Thom Hosken experiences an evening of firsts at Folklore in London as the Internet Barber Beats scene makes its live debut.
Back at the spot where we threw our own Double Vision event back in November, Aloe City Wrld convened a trio of international acts – ROMBREAKER, OSCOB and Macroblank – to showcase the soupy, slowed-down sounds that have exploded on Bandcamp and streaming algorithms in recent years.
ROMBREAKER kicked things off with a downtempo DJ set, featuring slick transitions and some clever switch-ups. The music worked well on the main room system, but was also piped through to the bar where people chilled on sofas amidst the bric-à-brac or played with the resident cat, Manouche. The PA could have been louder and the lights lower, but the night was still young and people were still working out how best to experience this new music.
Next, we were plunged dramatically into darkness for OSCOB’s loud and confrontational set. Wearing a Kanye West ‘Jesus is King’ t shirt, he delivered a theatrical performance of ugly-beautiful sounds in front of a screen showing clips from Blade Runner 2049, American Psycho and The Joker. At one point, he lip-synced along to a Joker monologue before an abrasive drop, accentuated by sharp twists of FX from the MIDI Fighter controller. We were probably being trolled at times (why is he showing a long video of a Volvo being constructed?), but the audience was on-side and up for an unpredictable experience. After the event, on social media, OSCOB and his supporters discussed how well-received the set was and how the reaction contrasted with typical responses to their online antics. These live experiments prove that Internet Music is a very different experience IRL.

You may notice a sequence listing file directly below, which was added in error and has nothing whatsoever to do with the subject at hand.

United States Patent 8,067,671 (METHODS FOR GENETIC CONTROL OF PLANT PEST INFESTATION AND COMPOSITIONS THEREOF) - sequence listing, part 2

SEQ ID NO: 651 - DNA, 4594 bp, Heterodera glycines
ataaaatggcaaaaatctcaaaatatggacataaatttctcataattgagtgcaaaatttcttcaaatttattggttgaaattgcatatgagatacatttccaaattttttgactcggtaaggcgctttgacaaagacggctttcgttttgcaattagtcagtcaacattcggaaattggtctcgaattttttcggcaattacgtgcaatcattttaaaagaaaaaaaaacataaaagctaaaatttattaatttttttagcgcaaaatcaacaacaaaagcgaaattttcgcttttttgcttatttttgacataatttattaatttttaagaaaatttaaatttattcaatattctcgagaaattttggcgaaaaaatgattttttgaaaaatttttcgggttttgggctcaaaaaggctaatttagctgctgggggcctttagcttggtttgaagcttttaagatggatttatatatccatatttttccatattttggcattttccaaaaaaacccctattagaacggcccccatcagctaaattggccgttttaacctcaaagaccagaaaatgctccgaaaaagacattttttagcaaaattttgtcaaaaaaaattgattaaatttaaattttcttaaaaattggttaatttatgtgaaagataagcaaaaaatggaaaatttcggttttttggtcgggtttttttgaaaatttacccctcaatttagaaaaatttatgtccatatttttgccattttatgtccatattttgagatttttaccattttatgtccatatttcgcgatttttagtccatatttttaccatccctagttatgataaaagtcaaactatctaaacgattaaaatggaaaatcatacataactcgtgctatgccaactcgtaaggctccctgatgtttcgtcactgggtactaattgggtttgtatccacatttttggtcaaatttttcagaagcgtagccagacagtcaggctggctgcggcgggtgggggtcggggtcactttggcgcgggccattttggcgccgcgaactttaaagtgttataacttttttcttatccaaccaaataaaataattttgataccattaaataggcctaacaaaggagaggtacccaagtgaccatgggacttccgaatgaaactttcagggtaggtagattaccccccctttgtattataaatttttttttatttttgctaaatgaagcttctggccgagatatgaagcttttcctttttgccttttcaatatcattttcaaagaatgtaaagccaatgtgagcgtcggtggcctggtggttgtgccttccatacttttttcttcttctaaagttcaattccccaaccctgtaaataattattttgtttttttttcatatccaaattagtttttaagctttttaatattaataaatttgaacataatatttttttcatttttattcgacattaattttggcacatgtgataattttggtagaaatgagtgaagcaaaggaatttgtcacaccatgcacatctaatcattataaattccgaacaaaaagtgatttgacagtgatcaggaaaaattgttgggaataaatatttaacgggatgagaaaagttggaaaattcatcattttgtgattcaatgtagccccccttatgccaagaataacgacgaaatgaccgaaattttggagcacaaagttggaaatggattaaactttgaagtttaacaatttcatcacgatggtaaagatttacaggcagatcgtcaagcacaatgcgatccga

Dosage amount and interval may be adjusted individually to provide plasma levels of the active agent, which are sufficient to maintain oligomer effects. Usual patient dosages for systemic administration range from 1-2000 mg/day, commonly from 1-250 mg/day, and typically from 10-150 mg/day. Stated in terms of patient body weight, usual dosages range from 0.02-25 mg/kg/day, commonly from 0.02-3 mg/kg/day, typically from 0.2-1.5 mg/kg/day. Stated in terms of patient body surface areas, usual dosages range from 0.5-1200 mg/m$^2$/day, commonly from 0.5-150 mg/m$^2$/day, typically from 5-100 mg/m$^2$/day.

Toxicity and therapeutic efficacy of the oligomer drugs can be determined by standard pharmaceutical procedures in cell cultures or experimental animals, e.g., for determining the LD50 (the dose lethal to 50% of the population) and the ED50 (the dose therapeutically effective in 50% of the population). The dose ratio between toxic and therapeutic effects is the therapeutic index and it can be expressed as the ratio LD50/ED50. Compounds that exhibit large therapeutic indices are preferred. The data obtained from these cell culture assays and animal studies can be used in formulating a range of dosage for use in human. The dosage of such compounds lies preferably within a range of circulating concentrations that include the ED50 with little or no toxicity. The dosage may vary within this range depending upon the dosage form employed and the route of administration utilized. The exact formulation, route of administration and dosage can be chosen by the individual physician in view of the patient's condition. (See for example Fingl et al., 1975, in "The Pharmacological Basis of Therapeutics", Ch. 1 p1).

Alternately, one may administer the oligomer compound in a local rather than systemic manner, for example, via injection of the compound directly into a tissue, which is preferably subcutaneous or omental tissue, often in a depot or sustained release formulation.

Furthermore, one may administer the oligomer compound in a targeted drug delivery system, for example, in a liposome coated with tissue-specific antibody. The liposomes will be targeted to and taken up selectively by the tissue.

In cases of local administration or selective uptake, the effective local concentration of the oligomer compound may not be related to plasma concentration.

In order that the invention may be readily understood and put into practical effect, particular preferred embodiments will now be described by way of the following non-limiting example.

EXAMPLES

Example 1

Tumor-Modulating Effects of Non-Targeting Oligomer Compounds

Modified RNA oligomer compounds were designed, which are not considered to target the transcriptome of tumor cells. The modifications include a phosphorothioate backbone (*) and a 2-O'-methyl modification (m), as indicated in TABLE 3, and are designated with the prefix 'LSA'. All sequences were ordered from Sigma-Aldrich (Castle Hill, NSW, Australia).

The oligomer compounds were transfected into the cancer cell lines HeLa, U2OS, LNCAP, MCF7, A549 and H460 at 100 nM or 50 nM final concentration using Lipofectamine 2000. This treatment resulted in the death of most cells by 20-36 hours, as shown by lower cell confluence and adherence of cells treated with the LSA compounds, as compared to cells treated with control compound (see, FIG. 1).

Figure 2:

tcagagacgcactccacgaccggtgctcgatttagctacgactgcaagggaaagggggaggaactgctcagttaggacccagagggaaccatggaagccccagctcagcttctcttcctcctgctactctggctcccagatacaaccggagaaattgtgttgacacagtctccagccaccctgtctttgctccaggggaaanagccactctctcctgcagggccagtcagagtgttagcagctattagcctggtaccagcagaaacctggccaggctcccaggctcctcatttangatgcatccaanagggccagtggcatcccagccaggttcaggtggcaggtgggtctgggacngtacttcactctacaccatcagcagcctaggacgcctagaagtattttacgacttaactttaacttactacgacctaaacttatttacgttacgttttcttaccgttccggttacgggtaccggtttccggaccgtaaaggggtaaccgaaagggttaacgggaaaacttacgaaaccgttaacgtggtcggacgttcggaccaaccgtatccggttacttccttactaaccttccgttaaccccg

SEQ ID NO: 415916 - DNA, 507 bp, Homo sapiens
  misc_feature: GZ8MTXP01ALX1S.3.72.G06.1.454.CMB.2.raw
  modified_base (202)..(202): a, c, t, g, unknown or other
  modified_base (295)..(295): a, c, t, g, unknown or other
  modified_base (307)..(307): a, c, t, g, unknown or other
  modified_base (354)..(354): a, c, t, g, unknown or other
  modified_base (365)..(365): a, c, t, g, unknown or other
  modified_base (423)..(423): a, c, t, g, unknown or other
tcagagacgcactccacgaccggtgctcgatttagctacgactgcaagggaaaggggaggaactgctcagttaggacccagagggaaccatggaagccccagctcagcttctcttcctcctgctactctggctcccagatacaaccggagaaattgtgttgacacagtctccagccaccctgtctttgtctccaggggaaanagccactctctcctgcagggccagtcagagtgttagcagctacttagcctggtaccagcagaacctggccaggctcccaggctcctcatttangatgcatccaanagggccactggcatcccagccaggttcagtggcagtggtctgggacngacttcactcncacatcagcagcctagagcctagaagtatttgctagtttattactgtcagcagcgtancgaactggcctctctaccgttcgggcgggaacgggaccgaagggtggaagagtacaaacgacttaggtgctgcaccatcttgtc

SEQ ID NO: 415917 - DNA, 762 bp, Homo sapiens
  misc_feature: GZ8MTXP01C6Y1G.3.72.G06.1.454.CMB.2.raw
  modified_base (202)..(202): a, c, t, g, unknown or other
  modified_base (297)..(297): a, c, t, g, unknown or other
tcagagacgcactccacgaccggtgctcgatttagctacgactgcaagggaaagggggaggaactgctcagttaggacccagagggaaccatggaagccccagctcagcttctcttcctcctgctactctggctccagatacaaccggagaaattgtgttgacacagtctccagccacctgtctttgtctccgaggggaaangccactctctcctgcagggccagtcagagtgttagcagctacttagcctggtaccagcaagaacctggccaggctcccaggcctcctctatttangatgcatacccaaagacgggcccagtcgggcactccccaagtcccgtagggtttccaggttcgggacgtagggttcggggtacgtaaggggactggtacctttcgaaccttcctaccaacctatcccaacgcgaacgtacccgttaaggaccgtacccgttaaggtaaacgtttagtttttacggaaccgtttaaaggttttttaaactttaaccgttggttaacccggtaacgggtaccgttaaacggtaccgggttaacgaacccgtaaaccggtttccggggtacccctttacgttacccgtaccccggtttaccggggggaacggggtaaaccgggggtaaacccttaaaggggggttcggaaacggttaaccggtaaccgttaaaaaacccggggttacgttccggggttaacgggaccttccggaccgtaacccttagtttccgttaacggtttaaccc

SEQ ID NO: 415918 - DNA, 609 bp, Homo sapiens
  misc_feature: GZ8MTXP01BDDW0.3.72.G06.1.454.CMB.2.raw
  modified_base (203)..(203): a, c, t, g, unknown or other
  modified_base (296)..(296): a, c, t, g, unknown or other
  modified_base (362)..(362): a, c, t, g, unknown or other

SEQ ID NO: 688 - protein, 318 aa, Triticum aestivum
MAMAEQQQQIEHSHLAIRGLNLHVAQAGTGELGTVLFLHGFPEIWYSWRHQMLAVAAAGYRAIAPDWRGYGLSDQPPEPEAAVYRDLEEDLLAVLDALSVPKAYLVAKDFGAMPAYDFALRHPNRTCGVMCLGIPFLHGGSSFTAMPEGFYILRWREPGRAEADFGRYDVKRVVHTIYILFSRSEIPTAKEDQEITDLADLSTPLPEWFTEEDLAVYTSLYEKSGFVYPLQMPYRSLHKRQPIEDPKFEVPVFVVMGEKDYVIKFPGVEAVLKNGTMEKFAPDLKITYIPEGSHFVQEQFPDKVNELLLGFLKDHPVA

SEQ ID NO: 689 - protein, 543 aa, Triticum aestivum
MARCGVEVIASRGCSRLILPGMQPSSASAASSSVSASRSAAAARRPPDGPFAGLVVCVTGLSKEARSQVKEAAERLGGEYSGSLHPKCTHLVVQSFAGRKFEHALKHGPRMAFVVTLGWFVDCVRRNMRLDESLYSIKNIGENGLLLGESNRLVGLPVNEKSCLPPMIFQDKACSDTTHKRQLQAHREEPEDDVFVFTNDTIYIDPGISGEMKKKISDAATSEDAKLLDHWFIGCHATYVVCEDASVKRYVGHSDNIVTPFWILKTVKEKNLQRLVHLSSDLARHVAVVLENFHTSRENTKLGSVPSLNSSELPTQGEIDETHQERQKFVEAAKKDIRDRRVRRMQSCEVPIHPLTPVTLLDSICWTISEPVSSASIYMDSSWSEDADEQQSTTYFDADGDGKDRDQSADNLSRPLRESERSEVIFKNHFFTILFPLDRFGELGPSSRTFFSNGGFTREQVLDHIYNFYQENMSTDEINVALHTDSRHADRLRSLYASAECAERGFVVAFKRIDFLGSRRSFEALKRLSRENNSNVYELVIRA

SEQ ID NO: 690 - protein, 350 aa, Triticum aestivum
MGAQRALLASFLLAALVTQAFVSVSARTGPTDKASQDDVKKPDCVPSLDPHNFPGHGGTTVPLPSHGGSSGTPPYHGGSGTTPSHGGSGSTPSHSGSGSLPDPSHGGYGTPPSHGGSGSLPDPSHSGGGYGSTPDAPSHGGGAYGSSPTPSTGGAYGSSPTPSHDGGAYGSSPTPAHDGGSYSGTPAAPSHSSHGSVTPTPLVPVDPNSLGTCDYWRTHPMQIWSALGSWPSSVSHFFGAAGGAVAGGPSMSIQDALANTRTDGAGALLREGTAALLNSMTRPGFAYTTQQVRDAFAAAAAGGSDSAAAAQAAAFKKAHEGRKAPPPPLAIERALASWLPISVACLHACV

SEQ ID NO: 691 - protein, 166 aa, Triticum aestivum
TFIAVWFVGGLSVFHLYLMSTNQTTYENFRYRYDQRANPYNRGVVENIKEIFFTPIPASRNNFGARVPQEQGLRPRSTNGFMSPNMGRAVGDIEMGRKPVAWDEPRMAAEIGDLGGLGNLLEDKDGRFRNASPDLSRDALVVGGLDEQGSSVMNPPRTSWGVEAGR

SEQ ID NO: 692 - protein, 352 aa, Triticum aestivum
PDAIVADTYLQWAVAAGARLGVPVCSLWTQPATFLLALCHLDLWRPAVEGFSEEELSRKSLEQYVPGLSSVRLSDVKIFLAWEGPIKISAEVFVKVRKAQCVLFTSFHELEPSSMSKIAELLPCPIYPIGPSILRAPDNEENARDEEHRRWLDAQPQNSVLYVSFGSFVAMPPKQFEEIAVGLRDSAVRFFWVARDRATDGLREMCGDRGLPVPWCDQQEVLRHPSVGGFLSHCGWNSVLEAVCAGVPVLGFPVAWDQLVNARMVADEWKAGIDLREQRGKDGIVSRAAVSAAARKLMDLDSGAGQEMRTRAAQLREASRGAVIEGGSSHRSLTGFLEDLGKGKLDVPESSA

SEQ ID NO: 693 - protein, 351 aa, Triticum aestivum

Concluding the night, headliner Macroblank played to a packed main room, selecting tunes that were more explicitly danceable (faster jungle and garage beats) with fun pop samples like ABBA’s ‘Gimme Gimme Gimme’ snuck in to the mix. It was a polished, genre-hopping performance by a confident artist and accomplished DJ that would definitely translate to settings other than nights solely devoted to the Barber Beats niche.
At future events, I would love to see the distinctive visual aesthetic of these artists’ album covers brought more to life, like with the generative/live-coded projections at Pure Life’s live event. Maybe Folklore’s shabby, bohemian vibe broke the immersion a little. But the good vibes on the dancefloor and brisk business at the merch stand proved that Barber Beats has a bright offline future.
Written by Thom Hosken